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GSA Renews Commitment to Enhancing Public Spaces

GSA #10403

September 13, 2007                             
Contact: Maryanne Beatty, (202) 501-1231 
maryanne.beatty@gsa.gov                                   

Melissa Williams ,(202)501-1231
Melissa.Williams@gsa.gov
                      
WASHINGTON  – The U.S. General Services Administration, manager of 8,600 federal properties across the nation and steward of 425 historic landmarks, has published a new workbook to help guide GSA property managers on how to enhance public spaces in federal buildings.

“Federal buildings in many communities are the government’s most prominent representative, a symbol of democracy,” said David Winstead, Commissioner for GSA’s Public Buildings Service. “It’s important that these spaces are accessible to the public and that they convey a positive image of the federal government.”  

GSA produced, “Achieving Great Federal Public Spaces—A Property Manager’s Guide” in collaboration with the Project for Public Spaces. The workbook provides GSA property managers with a step-by-step process on how to enhance public spaces such as plazas, lobbies, atria and grounds.  It suggests short, medium, and long-term improvements — from actions as simple as reducing clutter and inviting civic organizations to use public spaces for activities and events, to more elaborate measures such as buildings enhancements, including the streamlining of the security process in lobbies.

“When managed effectively, these spaces support neighborhood goals and play an important role in how our client agencies view their workplaces,” commented Anthony Costa, Deputy Commissioner for Public Buildings.  “It is in our collective interests that we make the most of our public spaces.”

The centerpiece of the publication is the “Place Audit,” a detailed on-site evaluation exercise that property managers may complete with various stakeholders, including building tenants and members of the community.  The audit reveals strengths and weaknesses and offers solutions on how to maximize the use of a property’s public spaces.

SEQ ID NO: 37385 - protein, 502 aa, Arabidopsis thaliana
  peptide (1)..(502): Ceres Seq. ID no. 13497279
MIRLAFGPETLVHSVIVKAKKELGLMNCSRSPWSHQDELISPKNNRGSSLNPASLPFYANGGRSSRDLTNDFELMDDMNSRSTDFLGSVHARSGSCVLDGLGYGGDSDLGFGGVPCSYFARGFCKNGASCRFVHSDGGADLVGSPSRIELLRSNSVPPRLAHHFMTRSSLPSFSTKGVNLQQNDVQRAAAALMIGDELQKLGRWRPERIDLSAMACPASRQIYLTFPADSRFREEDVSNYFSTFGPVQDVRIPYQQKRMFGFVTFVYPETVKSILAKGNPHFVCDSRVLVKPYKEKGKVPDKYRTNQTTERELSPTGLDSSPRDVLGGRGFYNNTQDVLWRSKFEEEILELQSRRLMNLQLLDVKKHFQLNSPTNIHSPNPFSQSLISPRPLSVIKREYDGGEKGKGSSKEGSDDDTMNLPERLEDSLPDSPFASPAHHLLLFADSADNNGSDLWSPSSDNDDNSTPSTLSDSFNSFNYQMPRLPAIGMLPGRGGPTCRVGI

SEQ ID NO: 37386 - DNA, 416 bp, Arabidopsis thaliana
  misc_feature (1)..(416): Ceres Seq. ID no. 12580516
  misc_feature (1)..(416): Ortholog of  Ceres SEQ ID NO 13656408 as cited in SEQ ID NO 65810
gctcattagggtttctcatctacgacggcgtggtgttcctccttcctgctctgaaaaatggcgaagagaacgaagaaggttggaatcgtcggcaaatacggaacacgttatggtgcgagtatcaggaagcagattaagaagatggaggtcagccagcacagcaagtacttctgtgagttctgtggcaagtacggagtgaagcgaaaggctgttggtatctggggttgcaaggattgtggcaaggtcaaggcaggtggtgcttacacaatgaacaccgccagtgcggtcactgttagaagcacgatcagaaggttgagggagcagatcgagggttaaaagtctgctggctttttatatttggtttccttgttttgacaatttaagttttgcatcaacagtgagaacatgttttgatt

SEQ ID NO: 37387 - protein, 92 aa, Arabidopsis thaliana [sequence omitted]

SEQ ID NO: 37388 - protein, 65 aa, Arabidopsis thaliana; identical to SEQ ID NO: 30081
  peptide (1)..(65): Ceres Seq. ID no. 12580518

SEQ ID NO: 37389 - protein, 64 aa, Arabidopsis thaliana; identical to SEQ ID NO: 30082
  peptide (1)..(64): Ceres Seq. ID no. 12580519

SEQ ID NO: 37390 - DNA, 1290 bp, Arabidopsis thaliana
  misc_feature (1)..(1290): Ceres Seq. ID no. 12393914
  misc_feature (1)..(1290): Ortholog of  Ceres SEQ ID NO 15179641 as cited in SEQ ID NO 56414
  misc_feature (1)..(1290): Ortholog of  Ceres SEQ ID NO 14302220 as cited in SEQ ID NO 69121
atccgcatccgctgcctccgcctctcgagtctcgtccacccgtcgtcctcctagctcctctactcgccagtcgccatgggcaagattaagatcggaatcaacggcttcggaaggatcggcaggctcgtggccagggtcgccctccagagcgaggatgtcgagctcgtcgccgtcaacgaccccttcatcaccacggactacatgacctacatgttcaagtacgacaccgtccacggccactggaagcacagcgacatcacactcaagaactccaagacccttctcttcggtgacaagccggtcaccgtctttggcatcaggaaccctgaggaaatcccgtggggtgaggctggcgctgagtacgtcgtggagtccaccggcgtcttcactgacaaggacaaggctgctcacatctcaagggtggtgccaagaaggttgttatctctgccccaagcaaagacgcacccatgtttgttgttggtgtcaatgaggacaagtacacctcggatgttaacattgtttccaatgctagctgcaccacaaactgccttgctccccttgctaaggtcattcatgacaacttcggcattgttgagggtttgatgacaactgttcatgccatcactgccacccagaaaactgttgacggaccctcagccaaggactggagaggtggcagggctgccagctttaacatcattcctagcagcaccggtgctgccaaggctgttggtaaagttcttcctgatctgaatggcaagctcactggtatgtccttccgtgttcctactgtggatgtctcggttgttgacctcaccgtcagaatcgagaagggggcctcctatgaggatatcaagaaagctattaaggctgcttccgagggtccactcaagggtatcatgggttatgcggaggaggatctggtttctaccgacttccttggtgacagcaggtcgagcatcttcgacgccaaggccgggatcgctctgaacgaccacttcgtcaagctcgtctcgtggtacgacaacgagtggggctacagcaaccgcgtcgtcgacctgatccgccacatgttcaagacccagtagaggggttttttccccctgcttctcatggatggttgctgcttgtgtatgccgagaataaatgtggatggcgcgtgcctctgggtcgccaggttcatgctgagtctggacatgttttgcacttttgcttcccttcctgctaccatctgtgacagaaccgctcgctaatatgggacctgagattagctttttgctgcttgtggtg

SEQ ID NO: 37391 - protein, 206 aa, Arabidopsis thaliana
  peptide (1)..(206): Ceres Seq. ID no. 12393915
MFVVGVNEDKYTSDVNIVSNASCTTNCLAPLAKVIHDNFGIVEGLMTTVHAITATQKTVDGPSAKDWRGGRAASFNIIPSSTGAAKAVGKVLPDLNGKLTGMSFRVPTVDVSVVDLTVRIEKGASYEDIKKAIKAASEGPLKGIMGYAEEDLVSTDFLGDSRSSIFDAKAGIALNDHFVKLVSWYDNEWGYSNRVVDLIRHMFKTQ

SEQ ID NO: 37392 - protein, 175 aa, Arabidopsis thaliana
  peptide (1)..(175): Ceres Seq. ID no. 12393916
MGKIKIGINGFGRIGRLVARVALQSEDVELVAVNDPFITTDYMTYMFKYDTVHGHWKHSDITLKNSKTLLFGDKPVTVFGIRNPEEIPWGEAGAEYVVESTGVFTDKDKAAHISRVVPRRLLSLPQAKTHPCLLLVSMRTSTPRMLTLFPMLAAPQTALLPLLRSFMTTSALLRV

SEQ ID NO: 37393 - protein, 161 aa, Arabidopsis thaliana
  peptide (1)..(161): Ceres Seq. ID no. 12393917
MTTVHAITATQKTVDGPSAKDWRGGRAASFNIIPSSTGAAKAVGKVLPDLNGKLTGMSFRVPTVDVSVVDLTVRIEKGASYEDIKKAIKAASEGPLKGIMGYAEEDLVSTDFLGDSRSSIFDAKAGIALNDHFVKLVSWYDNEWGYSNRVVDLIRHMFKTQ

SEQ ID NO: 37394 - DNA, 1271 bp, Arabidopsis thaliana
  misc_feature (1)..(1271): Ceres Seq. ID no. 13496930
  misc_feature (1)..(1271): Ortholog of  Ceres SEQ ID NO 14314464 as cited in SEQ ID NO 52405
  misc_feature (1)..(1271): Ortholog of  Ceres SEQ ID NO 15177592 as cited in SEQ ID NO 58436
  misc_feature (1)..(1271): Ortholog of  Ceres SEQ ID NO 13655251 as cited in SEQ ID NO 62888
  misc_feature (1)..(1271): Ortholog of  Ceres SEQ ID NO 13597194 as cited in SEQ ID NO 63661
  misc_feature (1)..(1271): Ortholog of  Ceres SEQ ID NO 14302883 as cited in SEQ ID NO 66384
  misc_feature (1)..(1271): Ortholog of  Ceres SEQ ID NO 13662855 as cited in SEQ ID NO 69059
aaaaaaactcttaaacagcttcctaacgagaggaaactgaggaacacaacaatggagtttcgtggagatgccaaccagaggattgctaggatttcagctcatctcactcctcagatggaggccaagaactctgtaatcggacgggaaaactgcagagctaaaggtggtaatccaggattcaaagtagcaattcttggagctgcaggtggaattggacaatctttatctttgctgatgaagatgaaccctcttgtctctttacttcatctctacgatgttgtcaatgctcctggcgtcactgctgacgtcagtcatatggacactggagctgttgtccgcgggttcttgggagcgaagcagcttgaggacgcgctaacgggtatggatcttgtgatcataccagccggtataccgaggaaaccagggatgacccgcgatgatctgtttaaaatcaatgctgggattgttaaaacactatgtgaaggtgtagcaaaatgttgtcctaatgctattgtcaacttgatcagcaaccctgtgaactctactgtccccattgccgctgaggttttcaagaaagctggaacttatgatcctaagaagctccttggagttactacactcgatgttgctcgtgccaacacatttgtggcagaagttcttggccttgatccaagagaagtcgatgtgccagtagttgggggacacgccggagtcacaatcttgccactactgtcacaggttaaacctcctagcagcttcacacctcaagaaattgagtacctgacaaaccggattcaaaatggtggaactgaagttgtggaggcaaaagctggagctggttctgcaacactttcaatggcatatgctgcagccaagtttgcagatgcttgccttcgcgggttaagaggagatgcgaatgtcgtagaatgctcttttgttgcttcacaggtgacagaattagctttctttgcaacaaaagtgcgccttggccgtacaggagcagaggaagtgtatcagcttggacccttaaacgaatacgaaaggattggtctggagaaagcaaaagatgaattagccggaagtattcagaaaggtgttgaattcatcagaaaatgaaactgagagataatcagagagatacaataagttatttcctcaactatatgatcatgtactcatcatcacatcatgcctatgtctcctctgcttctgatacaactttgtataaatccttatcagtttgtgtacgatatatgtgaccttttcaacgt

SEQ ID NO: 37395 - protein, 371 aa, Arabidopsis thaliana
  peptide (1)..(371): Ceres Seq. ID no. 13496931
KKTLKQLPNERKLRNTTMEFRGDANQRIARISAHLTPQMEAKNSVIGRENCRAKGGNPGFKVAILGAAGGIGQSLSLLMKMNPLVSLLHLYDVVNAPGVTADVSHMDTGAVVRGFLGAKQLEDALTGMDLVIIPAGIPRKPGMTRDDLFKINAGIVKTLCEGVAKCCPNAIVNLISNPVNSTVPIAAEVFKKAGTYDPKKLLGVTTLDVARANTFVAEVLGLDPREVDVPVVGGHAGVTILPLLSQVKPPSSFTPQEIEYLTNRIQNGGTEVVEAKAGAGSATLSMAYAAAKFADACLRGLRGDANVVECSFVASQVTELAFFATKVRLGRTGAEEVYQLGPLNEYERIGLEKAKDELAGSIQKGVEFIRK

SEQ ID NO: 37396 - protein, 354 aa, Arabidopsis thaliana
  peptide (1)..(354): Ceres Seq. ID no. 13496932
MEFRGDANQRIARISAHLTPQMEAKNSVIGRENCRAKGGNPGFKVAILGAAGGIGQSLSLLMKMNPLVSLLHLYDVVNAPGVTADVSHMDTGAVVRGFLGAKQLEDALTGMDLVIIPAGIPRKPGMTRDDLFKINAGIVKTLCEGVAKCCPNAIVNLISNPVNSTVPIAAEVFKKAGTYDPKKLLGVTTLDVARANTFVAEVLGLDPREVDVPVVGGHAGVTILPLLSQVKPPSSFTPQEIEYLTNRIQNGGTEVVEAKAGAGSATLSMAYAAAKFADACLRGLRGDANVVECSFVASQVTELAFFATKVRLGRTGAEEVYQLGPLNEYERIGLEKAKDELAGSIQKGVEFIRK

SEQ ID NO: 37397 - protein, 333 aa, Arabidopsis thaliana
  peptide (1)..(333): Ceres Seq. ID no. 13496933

The workbook is based on the premise that GSA’s buildings and public spaces should reflect the dignity and accessibility of government; be secure and welcoming; improve tenant satisfaction and building revenue; provide a forum for tenant activity and public use; and act as a catalyst for downtown revitalization.

To learn more about how GSA is working with communities, visit www.gsa.gov/urbandevelopment.  To download a copy of the guide, go to www.gsa.gov/agfps.

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Founded in 1949, GSA serves as a centralized procurement and property management agency for the federal government.  GSA manages more than one-fourth of the government’s total procurement dollars and influences the management of $500 billion in federal assets, including 8,600 government-owned or leased buildings and 208,000 vehicles.  GSA helps preserve our past and define our future, as a steward of more than 425 historic properties, and as manager of USA.gov, the official portal to federal government information and services. GSA’s mission to provide superior workplaces, expert technology solutions, acquisition services, purchasing and E-Gov travel solutions and management policies, at best value, allows federal agencies to focus on their core missions.

Did You Know?  GSA has a presence in over 2,000 American communities, including 500 cities with federal buildings and 70 cities with more than one million square feet of GSA-managed space.


Federal Public Spaces